Indy continues to be an important market for NASCAR, ranking No. 2 in TV ratings. "Everybody wants to win this race," said Tony Stewart, who won in 2005 and 2007. "This is a marquee event. The Daytona 500 is still the biggest race of the year, but the Brickyard is the second-biggest." The native Hoosier is eager to bag his third win at his "home" track.
He's got a lot of competition. Although Brian Vickers won the last race, Jimmie Johnson - a four-time Brickyard winner and five-time series champion who's currently top in the NASCAR standings - is the man to beat.
Stewart currently sits 13th in the points standings - five points out of The Chase (NASCAR's championship system). His lone win this year qualifies him for one of the two Wild Card positions, but because he's outside of the Top 10, his place in The Chase is not assured.
But don't look for "Smoke" to run a cautious race on his home track. At New Hampshire his gamble to go for the win didn't pan out; he ran out of fuel when a late-race caution and the subsequent green-white-checker rule threw the race into "overtime," adding extra laps. Expect the same bold choices at IMS.
"It doesn't matter if you've won one or 10, when I'm at Indy, I am only here to win - especially since it is my home track," he said at a recent press conference at IMS to promote the race. "My whole life, since I was a kid, that's what I wanted to do. My fascination to do it here was pretty obsessive."
Explaining that this is not a fuel-mileage race and that it's usually a championship contender in the fastest car in Victory Circle, he said, "That's what you want in a marquee event like this. You want the fastest car to win, the best team and the best driver on that day. It's really a big boost to your team if you can win Indy."
He's had that boost twice in the past and he wants it again. "You look at the history of this track and who won race here and how many times they've won," Stewart continued. "I was honored to win one of them and the second was even that much better. You get into some elite company and it's some company you'd definitely like having your name associated with, so it would be a big honor."
The next generation
The new Generation 6 car may have a significant impact on this year's race. NASCAR introduced the car with the hope that its new configuration would encourage more passing. But it remains to be seen if those changes will make any difference on the flat Indianapolis Motor Speedway, which typically doesn't allow for much passing by heavy stock cars.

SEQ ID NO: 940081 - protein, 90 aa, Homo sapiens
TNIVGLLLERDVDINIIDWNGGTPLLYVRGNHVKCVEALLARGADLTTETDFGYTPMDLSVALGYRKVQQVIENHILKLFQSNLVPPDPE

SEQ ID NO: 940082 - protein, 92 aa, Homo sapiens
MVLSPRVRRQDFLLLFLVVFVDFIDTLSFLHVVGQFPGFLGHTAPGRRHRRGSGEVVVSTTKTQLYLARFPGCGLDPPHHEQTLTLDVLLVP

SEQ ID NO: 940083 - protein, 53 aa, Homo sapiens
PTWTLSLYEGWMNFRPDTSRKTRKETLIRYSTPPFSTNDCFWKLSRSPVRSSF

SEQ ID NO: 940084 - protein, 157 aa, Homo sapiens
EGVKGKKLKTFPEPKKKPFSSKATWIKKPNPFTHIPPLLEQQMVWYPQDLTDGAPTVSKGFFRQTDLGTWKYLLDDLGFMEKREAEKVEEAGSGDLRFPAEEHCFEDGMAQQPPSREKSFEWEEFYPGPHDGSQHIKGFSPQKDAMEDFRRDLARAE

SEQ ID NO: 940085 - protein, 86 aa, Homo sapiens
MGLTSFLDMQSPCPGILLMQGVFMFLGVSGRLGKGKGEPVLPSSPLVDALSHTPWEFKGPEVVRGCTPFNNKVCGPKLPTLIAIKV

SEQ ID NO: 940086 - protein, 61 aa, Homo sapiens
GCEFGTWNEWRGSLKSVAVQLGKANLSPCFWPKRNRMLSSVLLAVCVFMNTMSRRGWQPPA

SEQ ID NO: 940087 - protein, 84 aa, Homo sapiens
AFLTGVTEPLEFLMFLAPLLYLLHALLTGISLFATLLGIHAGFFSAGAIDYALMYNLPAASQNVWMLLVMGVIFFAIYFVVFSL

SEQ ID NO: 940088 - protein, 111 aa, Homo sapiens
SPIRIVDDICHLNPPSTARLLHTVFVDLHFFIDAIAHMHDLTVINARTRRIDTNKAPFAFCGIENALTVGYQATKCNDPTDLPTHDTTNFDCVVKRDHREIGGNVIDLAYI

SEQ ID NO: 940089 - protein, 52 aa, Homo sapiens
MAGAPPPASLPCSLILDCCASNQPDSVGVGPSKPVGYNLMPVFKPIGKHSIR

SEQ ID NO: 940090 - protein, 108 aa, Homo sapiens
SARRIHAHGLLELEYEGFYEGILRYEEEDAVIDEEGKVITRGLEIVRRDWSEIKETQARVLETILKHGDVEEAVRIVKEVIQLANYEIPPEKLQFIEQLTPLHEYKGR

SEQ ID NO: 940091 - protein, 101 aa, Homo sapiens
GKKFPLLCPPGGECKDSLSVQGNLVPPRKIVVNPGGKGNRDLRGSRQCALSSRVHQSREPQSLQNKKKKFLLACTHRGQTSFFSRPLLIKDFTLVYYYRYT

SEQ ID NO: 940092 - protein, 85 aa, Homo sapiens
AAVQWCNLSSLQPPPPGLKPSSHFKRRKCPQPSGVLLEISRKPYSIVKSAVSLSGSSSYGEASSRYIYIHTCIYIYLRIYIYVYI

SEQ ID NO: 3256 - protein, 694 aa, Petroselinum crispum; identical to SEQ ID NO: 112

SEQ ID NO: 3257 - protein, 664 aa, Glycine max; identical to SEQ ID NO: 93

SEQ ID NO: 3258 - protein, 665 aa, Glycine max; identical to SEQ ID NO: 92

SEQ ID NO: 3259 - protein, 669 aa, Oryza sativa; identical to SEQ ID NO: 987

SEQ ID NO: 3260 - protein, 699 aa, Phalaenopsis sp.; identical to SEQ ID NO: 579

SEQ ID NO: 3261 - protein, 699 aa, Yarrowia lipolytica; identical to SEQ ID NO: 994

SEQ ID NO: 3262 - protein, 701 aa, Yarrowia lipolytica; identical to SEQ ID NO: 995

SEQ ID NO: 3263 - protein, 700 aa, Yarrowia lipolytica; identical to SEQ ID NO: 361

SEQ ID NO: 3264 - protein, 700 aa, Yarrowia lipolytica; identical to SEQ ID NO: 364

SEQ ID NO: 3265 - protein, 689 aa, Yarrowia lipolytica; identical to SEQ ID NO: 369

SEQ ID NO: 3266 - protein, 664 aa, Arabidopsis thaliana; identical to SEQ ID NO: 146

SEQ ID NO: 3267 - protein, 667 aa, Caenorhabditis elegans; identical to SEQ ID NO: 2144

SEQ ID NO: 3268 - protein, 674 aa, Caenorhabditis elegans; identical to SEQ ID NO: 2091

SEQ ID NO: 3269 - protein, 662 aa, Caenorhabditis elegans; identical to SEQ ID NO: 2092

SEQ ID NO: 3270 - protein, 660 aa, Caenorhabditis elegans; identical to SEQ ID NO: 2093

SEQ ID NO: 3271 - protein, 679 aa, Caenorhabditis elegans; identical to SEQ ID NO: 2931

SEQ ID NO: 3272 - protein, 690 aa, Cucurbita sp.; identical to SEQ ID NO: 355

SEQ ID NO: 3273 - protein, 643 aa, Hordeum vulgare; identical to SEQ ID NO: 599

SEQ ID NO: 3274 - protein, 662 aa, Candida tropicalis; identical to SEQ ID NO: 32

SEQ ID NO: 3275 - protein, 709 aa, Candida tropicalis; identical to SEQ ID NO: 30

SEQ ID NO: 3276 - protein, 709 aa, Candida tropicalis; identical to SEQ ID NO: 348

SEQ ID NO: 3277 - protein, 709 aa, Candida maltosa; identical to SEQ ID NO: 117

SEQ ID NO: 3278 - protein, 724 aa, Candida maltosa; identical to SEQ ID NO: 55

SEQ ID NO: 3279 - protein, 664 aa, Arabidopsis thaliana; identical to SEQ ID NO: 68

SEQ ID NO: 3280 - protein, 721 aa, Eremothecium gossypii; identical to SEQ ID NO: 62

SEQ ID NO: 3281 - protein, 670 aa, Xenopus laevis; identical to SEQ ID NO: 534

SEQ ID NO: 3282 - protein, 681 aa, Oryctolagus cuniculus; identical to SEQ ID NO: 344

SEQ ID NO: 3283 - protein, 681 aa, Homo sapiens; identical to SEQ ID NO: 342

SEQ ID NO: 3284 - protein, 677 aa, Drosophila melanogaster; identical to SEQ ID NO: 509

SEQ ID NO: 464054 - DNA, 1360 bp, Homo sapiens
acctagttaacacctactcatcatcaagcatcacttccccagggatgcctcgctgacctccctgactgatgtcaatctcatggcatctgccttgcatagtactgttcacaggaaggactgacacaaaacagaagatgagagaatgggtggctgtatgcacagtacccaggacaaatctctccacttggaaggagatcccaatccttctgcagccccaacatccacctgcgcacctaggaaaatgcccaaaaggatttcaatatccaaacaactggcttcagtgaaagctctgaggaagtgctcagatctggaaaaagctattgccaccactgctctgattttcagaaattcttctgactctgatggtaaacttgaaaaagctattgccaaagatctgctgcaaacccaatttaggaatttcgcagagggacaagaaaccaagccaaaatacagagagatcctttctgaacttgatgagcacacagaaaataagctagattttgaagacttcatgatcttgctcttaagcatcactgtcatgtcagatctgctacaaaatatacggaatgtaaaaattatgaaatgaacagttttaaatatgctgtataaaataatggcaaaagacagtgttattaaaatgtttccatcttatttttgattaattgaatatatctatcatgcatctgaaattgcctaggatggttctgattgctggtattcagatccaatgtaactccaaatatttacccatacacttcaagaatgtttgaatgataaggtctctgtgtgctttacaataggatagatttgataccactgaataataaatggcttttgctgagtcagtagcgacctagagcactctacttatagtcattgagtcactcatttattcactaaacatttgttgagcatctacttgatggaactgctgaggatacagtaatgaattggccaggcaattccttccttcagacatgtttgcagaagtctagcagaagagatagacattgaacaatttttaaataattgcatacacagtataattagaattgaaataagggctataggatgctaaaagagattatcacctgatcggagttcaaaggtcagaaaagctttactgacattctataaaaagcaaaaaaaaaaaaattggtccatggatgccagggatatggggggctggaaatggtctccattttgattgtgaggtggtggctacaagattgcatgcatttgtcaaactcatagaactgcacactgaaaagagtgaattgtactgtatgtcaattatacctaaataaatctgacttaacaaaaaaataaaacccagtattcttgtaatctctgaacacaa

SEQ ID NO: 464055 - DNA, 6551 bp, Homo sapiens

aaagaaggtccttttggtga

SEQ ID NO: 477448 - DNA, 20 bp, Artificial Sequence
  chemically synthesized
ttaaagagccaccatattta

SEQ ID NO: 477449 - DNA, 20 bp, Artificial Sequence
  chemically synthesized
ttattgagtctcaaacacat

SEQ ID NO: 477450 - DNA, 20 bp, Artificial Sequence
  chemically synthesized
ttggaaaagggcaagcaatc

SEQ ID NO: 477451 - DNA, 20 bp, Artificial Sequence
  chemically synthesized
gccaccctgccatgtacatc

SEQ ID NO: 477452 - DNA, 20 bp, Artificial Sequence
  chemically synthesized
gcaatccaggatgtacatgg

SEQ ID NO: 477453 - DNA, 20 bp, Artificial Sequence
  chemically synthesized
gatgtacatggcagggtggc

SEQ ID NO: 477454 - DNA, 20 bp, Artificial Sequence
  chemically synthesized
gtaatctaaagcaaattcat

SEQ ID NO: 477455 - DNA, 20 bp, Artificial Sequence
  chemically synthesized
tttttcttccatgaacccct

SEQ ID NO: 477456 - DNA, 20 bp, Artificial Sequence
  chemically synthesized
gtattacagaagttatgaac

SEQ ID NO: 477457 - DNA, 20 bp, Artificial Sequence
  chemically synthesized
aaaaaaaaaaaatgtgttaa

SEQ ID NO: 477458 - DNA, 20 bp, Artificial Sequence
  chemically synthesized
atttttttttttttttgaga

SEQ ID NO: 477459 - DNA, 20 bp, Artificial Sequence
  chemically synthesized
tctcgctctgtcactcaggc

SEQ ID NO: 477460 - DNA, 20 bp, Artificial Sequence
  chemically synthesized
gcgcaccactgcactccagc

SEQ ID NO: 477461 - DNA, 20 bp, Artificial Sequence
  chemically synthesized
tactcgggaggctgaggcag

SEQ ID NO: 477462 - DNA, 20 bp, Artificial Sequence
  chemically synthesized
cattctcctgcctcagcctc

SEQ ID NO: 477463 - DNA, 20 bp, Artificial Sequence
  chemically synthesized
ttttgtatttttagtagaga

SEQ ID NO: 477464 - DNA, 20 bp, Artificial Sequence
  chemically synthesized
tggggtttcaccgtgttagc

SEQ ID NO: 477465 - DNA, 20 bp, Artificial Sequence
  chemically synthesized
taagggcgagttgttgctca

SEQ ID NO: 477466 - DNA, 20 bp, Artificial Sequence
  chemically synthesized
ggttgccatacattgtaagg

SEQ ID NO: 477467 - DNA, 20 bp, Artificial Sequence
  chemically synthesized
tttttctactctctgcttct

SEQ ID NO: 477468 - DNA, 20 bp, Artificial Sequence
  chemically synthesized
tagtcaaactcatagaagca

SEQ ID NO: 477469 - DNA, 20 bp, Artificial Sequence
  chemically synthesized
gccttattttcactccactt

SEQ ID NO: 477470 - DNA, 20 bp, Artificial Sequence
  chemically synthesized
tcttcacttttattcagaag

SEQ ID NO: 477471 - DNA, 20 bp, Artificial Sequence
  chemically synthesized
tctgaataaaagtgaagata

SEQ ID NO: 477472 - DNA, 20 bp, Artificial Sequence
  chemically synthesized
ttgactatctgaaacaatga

When the fifth-generation Car of Tomorrow was introduced in 2007, racing suffered. But Trent Bailey, NASCAR's competition communication manager, says that's history. More grip in the Gen-6 car means more passing on the flatter tracks. "I think we've proven, and our drivers have confirmed, that this new car is racier."
Two years in the making, the new car looks more like the cars sold on the showroom floor. "The silhouette is nearly identical," Bailey says, which is important because "people want to see the drivers race cars that look like the ones they buy."
Beyond aesthetic appeal, the new car is 150 pounds lighter, thanks to its carbon fiber hood and deck lid, giving it a better power-to-weight ratio. Because it's 10 pounds heavier than the discontinued Car of Tomorrow, with the weight balanced on the left side, it will turn better in the corners.
More camber on the rear axle has improved handling and a larger rear spoiler increased downforce, which will enable the cars to run faster and pass more. "Already this year, we've gotten lots of positive feedback from the drivers," Bailey said.
But the new car is "racier" for some more than others. Joe Gibbs Racing and Hendrick Motorsport appear to have come to grips with early season engine problems after adopting a slower approach to the Toyota's horsepower. They qualified on the front row at Daytona and won two races this summer, indicating that reliability is no longer an issue.
But Richard Childress Racing, Roush Fenway Racing and Penske Racing continue to struggle. Biffle recently admitted that his Roush Ford lacks performance, particularly in traffic.
Regardless of new car and engine issues, the Brickyard seems to favor repetition. Jeff Gordon has won four times; so has Jimmie Johnson. Two other drivers are multiple winners: Dale Jarrett and Tony Stewart.